Today is Thursday, August 17, 2017

Tahiti: Sure cure for the winter doldrums

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My desire to get out of the cold was fully realized in the trip to the French Polynesian Islands. From our first arrival in the tropical environment with temperatures ranging from 87 degrees daytime to 74 at night, we were able to shed the long-sleeved shirts for swimsuits. Sitting on the deck of a ship at night or on the veranda overlooking the ocean offered the comfort and tranquility I was looking for. Even the process of getting into the water could be done without the slightest discomfort. It took several hours of submersion while snorkeling before I became aware of being chilled, something the tropical sun could erase within a few minutes of getting out of the water and away from the sea breeze.

Beautiful scenery of oceans and lands left us breathless with each new view. The blue lagoons of the islands viewed from each angle of light and motion gave us an unending awe of creation. White sands beneath the shallow water changed the blue sky reflection of its surface to the faintest blue that darkened with the ever-deepening hues, ending in a dark, almost black-purple color for the deepest spots. Lightening of the palette occurred when the white froth of the waves spilled over, mixing the colorless atmosphere with the dense ocean currents.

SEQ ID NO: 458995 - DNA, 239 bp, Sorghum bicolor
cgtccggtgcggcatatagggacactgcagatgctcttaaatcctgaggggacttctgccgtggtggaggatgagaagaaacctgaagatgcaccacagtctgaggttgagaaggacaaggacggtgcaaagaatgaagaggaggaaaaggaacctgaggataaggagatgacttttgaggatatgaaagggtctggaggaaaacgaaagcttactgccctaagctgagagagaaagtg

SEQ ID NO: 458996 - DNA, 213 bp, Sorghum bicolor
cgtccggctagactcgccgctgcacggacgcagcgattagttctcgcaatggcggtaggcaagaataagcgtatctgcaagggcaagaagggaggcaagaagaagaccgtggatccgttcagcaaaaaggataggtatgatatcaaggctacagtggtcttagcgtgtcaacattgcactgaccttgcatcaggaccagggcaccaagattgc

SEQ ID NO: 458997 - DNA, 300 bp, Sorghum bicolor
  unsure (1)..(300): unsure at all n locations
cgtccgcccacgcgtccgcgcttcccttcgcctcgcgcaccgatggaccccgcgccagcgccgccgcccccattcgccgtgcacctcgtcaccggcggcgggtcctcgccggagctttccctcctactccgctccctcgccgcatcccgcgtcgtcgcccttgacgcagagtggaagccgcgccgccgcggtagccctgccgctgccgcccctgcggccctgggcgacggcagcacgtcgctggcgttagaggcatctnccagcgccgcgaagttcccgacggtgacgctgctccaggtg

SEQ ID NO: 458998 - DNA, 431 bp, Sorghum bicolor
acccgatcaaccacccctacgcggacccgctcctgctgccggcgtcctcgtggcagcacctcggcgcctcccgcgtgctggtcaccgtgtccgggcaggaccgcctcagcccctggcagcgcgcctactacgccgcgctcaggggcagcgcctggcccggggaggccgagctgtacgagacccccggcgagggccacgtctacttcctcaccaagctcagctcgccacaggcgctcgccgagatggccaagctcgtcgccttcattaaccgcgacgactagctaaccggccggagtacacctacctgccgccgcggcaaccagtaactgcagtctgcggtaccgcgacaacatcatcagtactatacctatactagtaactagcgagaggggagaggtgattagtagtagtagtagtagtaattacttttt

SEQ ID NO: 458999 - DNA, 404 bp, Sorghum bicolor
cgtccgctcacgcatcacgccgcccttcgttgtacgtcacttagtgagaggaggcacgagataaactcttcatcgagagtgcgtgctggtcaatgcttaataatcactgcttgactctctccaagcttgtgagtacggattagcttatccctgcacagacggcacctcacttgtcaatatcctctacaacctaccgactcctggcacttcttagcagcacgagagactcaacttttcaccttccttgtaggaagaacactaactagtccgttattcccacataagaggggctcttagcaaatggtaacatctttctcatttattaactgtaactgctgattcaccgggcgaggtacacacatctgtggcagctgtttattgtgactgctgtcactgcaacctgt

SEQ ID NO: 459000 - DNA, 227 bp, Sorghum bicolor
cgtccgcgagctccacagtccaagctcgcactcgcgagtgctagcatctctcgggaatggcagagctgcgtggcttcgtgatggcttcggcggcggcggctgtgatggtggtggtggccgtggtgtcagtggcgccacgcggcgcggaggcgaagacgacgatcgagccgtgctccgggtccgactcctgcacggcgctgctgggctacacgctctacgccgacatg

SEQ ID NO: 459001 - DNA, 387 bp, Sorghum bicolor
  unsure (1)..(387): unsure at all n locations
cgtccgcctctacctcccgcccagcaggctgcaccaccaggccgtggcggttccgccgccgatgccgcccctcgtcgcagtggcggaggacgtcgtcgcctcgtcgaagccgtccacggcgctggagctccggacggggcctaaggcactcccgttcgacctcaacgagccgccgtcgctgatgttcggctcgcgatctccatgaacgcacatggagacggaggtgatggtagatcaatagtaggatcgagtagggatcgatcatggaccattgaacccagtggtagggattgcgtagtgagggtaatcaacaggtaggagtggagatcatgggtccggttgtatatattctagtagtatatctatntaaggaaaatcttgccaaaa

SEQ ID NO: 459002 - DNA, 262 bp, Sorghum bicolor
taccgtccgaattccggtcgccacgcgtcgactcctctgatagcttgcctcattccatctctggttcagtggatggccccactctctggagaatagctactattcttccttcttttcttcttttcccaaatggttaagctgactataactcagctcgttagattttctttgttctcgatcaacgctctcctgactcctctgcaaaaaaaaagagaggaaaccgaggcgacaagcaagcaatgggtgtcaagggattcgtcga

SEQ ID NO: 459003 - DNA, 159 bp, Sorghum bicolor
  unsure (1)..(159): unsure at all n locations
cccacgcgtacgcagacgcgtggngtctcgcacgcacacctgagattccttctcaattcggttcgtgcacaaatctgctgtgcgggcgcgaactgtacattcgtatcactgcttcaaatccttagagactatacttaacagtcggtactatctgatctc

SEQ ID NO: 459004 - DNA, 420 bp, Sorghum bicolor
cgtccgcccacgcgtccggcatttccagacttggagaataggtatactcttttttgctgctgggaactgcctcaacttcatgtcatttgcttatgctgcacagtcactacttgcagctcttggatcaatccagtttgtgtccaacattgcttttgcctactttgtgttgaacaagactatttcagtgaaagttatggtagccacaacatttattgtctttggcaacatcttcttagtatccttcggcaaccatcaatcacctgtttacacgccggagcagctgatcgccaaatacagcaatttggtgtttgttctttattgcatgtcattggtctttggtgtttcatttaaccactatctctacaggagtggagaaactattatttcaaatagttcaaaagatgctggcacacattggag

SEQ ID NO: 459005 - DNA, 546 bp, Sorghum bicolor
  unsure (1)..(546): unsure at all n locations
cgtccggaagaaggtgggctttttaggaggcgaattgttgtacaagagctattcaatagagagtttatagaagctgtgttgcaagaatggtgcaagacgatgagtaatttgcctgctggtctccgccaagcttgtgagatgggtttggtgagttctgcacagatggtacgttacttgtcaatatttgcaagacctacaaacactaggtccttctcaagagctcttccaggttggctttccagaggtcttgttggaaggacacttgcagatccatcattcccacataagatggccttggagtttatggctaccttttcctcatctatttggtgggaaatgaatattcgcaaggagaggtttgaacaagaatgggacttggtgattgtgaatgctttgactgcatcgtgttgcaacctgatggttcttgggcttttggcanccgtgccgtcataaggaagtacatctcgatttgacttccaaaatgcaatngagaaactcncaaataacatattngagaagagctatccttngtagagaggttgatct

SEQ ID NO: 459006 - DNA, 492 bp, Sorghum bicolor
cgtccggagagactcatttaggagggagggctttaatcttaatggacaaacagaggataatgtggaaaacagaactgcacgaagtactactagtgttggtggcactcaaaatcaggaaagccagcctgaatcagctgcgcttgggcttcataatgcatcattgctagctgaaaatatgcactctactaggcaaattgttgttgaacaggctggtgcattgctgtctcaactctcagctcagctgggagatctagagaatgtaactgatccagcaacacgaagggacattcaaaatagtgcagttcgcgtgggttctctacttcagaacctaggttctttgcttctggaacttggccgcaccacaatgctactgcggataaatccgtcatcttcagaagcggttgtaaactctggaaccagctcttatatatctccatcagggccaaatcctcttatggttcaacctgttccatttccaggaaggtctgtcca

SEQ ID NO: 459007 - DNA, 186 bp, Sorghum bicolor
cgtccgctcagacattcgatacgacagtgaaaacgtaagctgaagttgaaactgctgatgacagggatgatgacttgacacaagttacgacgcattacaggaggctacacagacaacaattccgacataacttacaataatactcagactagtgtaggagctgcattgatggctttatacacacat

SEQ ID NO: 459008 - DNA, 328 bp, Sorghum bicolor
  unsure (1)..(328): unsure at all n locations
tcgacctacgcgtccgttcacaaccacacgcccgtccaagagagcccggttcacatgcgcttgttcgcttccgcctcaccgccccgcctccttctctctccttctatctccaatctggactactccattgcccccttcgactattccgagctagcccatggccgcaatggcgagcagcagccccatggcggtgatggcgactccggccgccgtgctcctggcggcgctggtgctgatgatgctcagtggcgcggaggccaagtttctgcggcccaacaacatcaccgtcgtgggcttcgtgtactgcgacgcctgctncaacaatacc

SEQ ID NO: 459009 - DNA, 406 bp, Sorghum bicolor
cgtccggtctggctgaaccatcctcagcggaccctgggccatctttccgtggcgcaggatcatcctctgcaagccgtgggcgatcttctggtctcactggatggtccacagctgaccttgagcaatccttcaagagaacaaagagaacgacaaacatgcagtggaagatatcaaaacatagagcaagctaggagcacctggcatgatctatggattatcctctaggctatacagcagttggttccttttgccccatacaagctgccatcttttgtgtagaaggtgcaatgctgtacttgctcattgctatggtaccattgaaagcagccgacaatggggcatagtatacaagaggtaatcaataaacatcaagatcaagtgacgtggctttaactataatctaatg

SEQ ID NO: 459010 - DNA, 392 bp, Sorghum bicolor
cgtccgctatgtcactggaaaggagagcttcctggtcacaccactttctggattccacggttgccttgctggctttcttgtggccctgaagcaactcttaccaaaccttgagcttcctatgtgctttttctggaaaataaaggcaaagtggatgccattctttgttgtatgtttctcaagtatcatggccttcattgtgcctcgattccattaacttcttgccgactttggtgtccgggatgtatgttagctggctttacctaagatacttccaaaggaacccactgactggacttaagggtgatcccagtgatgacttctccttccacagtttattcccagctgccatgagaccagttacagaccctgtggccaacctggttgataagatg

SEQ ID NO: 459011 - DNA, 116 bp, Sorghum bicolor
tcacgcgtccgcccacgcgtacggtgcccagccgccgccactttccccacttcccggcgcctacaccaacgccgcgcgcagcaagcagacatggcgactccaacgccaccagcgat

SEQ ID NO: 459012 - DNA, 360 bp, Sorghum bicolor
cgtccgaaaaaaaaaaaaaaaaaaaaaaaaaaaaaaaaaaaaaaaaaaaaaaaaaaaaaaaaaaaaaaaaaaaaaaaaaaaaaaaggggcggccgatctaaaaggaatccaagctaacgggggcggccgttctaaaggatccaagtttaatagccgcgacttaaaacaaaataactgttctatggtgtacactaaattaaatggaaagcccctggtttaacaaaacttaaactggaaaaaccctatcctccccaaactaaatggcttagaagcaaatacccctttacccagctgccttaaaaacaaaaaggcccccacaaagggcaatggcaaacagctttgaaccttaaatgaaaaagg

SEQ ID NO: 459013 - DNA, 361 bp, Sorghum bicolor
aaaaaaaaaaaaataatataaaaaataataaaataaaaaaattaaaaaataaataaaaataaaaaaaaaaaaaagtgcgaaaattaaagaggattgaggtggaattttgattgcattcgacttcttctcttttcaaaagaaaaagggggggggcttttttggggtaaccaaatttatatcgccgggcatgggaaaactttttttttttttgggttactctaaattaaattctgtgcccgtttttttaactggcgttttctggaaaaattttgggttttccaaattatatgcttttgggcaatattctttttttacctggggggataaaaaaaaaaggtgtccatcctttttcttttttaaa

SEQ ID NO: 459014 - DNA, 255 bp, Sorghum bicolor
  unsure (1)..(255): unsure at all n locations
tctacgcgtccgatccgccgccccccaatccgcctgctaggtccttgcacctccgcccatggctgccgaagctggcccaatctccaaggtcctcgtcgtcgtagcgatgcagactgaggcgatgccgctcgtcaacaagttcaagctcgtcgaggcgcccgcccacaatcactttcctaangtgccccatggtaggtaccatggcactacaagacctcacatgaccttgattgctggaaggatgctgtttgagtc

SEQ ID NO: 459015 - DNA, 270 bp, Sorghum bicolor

Island forms ranged from 6,000-feet-high mountains that were irregular from jagged volcanic erosion to circular flat bodies of land called motus with land barely extending above the crunching ocean waves. While the land originally was volcanic rock, it was now consumed by greenery ranging from ferns to towering trees.

Many watersports were available on the trip, but I concentrated on my favorite of snorkeling, which I tried to take in on every island visited. Tropical fish seemed especially numerous and beautiful in Bora Bora as well as on Moorea. Worries over running into a shark were completely mitigated when we swam with 10 of them while feeding fish to all the wildlife.

Polynesian cuisine was a delicious surprise. Much of the foods have to be imported, but cooking with coconut milk makes everything tasty. Uncooked fish with lemon juice caught Linda's attention. All types of seafood kept us anticipating the next meal. Pineapple right out of the field was particularly sweet whether sliced or juiced.

Sharing the trip with Tommy and Paula Fullington doubled the fun and converted the far away foreign feeling into a community experience.

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